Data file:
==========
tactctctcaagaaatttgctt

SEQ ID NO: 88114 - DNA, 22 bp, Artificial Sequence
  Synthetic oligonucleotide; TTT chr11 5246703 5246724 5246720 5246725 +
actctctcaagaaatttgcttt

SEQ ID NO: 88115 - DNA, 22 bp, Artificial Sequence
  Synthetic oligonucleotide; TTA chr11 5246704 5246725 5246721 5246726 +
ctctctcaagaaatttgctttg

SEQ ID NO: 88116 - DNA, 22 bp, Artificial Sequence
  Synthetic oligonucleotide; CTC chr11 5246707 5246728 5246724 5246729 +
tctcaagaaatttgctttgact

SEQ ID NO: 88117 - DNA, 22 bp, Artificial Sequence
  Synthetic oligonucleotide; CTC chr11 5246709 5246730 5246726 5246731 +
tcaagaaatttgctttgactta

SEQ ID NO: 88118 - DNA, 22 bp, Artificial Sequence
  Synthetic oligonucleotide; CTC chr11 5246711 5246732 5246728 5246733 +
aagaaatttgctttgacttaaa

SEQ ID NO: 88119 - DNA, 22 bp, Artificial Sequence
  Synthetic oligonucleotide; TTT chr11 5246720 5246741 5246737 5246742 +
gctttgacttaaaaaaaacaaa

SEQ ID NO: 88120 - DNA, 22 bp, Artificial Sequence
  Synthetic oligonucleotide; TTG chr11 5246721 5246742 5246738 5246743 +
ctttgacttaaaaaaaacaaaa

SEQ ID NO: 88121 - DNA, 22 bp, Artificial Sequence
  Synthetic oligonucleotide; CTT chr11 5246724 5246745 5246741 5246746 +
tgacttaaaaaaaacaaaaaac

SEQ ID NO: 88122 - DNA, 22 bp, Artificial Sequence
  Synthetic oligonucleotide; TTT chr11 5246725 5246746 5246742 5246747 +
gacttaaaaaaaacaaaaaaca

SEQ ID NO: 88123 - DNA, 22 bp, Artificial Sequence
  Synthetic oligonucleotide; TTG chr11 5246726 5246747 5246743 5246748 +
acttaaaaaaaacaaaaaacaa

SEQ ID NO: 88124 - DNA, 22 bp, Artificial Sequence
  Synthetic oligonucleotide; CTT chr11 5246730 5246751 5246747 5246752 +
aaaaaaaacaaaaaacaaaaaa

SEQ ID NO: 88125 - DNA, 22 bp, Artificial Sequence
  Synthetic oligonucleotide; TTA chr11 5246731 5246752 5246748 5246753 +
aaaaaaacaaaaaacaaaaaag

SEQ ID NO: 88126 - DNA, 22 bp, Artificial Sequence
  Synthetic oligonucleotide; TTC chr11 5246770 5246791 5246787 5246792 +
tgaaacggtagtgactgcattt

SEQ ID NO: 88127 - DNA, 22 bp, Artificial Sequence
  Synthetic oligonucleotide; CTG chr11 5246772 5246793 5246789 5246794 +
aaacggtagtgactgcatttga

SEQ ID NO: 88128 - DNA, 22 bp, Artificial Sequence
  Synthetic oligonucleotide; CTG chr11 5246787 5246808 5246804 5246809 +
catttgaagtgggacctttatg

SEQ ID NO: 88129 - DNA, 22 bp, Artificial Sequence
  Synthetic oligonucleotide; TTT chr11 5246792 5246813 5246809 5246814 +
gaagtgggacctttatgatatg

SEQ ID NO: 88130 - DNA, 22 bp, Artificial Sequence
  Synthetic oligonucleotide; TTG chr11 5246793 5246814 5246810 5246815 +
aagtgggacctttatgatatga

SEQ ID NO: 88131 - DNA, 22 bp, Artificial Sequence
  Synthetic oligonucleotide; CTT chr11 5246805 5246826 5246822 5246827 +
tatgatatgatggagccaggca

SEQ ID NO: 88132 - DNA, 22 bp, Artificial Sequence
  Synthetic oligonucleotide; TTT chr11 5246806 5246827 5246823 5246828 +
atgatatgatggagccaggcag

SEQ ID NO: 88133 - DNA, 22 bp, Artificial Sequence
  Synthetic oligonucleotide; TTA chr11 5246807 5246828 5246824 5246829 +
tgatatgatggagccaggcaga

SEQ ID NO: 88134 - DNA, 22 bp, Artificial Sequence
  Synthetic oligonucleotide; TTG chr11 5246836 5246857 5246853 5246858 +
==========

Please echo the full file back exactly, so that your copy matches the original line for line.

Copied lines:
tactctctcaagaaatttgctt

SEQ ID NO: 88114 - DNA, 22 bp, Artificial Sequence
  Synthetic oligonucleotide; TTT chr11 5246703 5246724 5246720 5246725 +
actctctcaagaaatttgcttt

SEQ ID NO: 88115 - DNA, 22 bp, Artificial Sequence
  Synthetic oligonucleotide; TTA chr11 5246704 5246725 5246721 5246726 +
ctctctcaagaaatttgctttg

SEQ ID NO: 88116 - DNA, 22 bp, Artificial Sequence
  Synthetic oligonucleotide; CTC chr11 5246707 5246728 5246724 5246729 +
tctcaagaaatttgctttgact

SEQ ID NO: 88117 - DNA, 22 bp, Artificial Sequence
  Synthetic oligonucleotide; CTC chr11 5246709 5246730 5246726 5246731 +
tcaagaaatttgctttgactta

SEQ ID NO: 88118 - DNA, 22 bp, Artificial Sequence
  Synthetic oligonucleotide; CTC chr11 5246711 5246732 5246728 5246733 +
aagaaatttgctttgacttaaa

SEQ ID NO: 88119 - DNA, 22 bp, Artificial Sequence
  Synthetic oligonucleotide; TTT chr11 5246720 5246741 5246737 5246742 +
gctttgacttaaaaaaaacaaa

SEQ ID NO: 88120 - DNA, 22 bp, Artificial Sequence
  Synthetic oligonucleotide; TTG chr11 5246721 5246742 5246738 5246743 +
ctttgacttaaaaaaaacaaaa

SEQ ID NO: 88121 - DNA, 22 bp, Artificial Sequence
  Synthetic oligonucleotide; CTT chr11 5246724 5246745 5246741 5246746 +
tgacttaaaaaaaacaaaaaac

SEQ ID NO: 88122 - DNA, 22 bp, Artificial Sequence
  Synthetic oligonucleotide; TTT chr11 5246725 5246746 5246742 5246747 +
gacttaaaaaaaacaaaaaaca

SEQ ID NO: 88123 - DNA, 22 bp, Artificial Sequence
  Synthetic oligonucleotide; TTG chr11 5246726 5246747 5246743 5246748 +
acttaaaaaaaacaaaaaacaa

SEQ ID NO: 88124 - DNA, 22 bp, Artificial Sequence
  Synthetic oligonucleotide; CTT chr11 5246730 5246751 5246747 5246752 +
aaaaaaaacaaaaaacaaaaaa

SEQ ID NO: 88125 - DNA, 22 bp, Artificial Sequence
  Synthetic oligonucleotide; TTA chr11 5246731 5246752 5246748 5246753 +
aaaaaaacaaaaaacaaaaaag

SEQ ID NO: 88126 - DNA, 22 bp, Artificial Sequence
  Synthetic oligonucleotide; TTC chr11 5246770 5246791 5246787 5246792 +
tgaaacggtagtgactgcattt

SEQ ID NO: 88127 - DNA, 22 bp, Artificial Sequence
  Synthetic oligonucleotide; CTG chr11 5246772 5246793 5246789 5246794 +
aaacggtagtgactgcatttga

SEQ ID NO: 88128 - DNA, 22 bp, Artificial Sequence
  Synthetic oligonucleotide; CTG chr11 5246787 5246808 5246804 5246809 +
catttgaagtgggacctttatg

SEQ ID NO: 88129 - DNA, 22 bp, Artificial Sequence
  Synthetic oligonucleotide; TTT chr11 5246792 5246813 5246809 5246814 +
gaagtgggacctttatgatatg

SEQ ID NO: 88130 - DNA, 22 bp, Artificial Sequence
  Synthetic oligonucleotide; TTG chr11 5246793 5246814 5246810 5246815 +
aagtgggacctttatgatatga

SEQ ID NO: 88131 - DNA, 22 bp, Artificial Sequence
  Synthetic oligonucleotide; CTT chr11 5246805 5246826 5246822 5246827 +
tatgatatgatggagccaggca

SEQ ID NO: 88132 - DNA, 22 bp, Artificial Sequence
  Synthetic oligonucleotide; TTT chr11 5246806 5246827 5246823 5246828 +
atgatatgatggagccaggcag

SEQ ID NO: 88133 - DNA, 22 bp, Artificial Sequence
  Synthetic oligonucleotide; TTA chr11 5246807 5246828 5246824 5246829 +
tgatatgatggagccaggcaga

SEQ ID NO: 88134 - DNA, 22 bp, Artificial Sequence
  Synthetic oligonucleotide; TTG chr11 5246836 5246857 5246853 5246858 +